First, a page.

Sulev Keedus: Somnambulance (Somnambuul, 2003)

reviewed by Elisabetta Girelli © 2010

Contemporary Estonian cinema has often focused on the national past; this is perhaps not surprising, given the country’s relatively recent independence and separation from the Soviet Union, and the need to assess and explore a complex, often painful national history. Somnambulance is a striking example of this cinematic preoccupation with the past, being set at a most poignant moment in Estonian history: the years 1944/45, prior to and during Soviet occupation.

somnambulanceThe third feature by director Sulev Keedus, who had shot to international fame with the award-winning Georgica (1998), Somnambulance centers on the dramatic life of a young woman, Eetla (Katariina Lauk). Eetla lives with her father (Evald Aavik), a lighthouse keeper, in an isolated spot on the Estonian coast; the film opens in the autumn of 1944, when Estonian people are fleeing their country in expectation of a Soviet invasion. Eetla also had secured a place on the last boat leaving for Sweden but, when already leaving the shore, she jumps off the boat and returns home. Through the rest of the autumn, and the following winter and spring, Eetla’s mental state becomes increasingly disturbed: she talks constantly as if she were in a dream or nightmare; she often addresses her mother, who is not there and is never seen on screen, because she abandoned Eetla and her father a long time ago. More than anything, Eetla is obsessed with her own body and her sexuality: she obsessively fears being raped by the Soviet invaders, and just as obsessively she fantasizes about enjoying sex with men―something which, as the film opens, has not happened yet, because Eetla is still a virgin. Both things eventually take place: Eetla finds a temporary lover in Kasper (Ivo Uukkivi), an Estonian man who has sought refuge on their farm, and later on she is repeatedly raped by Soviet soldiers: first by one who loiters around her house; then she is abducted and gang-raped, until her father is able to ransom her back. After this last experience, Eetla is increasingly confused: when meeting again with the first soldier who had raped her, she tries to seduce him, only to change her mind too late, when the man rapes her again. The film ends in tragedy: both Eetla and her father commit suicide after destroying their lighthouse in a blaze.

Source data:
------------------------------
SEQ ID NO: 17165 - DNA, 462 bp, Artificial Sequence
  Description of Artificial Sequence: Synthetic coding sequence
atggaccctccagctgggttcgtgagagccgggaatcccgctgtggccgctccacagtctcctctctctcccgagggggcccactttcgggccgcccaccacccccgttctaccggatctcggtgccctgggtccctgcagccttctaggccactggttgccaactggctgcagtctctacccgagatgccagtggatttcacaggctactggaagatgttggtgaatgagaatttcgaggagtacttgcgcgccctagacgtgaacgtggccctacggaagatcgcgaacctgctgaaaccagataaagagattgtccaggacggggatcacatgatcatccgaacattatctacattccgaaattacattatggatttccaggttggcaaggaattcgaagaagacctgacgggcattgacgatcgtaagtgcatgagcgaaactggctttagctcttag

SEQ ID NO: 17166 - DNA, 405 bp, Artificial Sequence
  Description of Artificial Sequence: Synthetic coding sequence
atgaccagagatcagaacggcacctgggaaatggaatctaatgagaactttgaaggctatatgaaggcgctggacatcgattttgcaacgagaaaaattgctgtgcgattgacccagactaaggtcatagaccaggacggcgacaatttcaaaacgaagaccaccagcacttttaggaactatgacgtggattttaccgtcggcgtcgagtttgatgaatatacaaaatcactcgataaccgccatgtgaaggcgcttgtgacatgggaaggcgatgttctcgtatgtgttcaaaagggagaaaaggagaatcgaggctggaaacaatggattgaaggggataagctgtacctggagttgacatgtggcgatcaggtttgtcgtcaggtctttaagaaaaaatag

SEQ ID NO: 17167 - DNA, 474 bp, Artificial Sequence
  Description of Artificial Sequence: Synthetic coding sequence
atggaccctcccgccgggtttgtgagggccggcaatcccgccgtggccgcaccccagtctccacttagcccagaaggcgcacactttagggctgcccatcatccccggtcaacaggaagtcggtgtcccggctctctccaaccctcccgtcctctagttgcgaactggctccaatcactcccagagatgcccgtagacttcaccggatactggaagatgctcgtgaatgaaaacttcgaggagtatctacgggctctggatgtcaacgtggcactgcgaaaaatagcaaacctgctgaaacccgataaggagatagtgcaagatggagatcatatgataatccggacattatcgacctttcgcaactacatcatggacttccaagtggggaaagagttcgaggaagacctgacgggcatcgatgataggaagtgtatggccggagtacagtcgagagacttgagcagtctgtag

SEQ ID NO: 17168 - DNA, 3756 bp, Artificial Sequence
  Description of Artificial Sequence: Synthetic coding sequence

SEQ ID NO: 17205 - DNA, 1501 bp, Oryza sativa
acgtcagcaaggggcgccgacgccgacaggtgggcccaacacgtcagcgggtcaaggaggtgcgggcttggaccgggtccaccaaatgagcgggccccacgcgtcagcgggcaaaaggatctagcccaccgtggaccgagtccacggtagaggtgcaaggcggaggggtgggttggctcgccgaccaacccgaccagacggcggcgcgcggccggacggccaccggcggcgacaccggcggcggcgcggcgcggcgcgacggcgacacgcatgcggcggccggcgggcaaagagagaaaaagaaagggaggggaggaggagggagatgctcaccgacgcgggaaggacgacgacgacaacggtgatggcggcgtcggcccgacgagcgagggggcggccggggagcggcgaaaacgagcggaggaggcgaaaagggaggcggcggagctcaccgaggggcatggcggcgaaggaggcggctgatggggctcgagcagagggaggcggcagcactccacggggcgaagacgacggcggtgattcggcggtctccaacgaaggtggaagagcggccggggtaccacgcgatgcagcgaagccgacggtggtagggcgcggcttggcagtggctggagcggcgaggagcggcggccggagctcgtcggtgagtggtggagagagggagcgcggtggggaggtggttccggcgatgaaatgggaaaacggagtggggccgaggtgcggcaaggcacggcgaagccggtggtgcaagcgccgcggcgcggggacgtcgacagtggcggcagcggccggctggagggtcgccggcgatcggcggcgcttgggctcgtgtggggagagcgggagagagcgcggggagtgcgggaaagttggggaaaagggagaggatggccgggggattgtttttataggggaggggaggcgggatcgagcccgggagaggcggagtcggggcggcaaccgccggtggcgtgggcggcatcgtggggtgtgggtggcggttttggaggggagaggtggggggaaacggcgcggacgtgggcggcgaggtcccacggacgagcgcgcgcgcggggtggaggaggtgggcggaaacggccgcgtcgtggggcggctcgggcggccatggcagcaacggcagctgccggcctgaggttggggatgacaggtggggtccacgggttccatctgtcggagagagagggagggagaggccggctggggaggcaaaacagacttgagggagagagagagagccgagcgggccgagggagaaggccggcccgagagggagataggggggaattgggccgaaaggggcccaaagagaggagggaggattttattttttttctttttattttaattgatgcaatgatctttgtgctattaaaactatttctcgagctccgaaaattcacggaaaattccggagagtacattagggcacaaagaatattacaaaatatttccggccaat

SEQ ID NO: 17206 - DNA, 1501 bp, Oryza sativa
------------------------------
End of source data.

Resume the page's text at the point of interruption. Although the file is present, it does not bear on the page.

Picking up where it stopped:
somnambulanceBeautifully shot in a stunning yet oppressive seascape, brilliantly cast and performed, Somnambulance is a disturbing but compelling meditation on issues of nation and gender, of sanity and madness. If one considers the film’s overt plot, it is not difficult to see how the protagonist’s body may stand for a symbolic national space: the film presents us with a background of expectation and the subsequent actualization of the Soviet army invading and violating Estonia. We are shown Eetla’s father listening to war developments on the radio, Soviet planes circling above in the sky, then the news that the Soviets have arrived and have burnt down whole villages. Against this background, we are presented with the film’s dominant narrative: the possibility and reality of Eetla being raped by the Soviet invaders. At the same time, Eetla is placed in a specific geophysical location which both is and represents the nation: the Estonian natural landscape. Somnambulance, therefore, effectively constructs a spatial narrative, which ‘maps’ the relations and negotiations between Eetla, her body (bodily space) and the surrounding landscape (external space).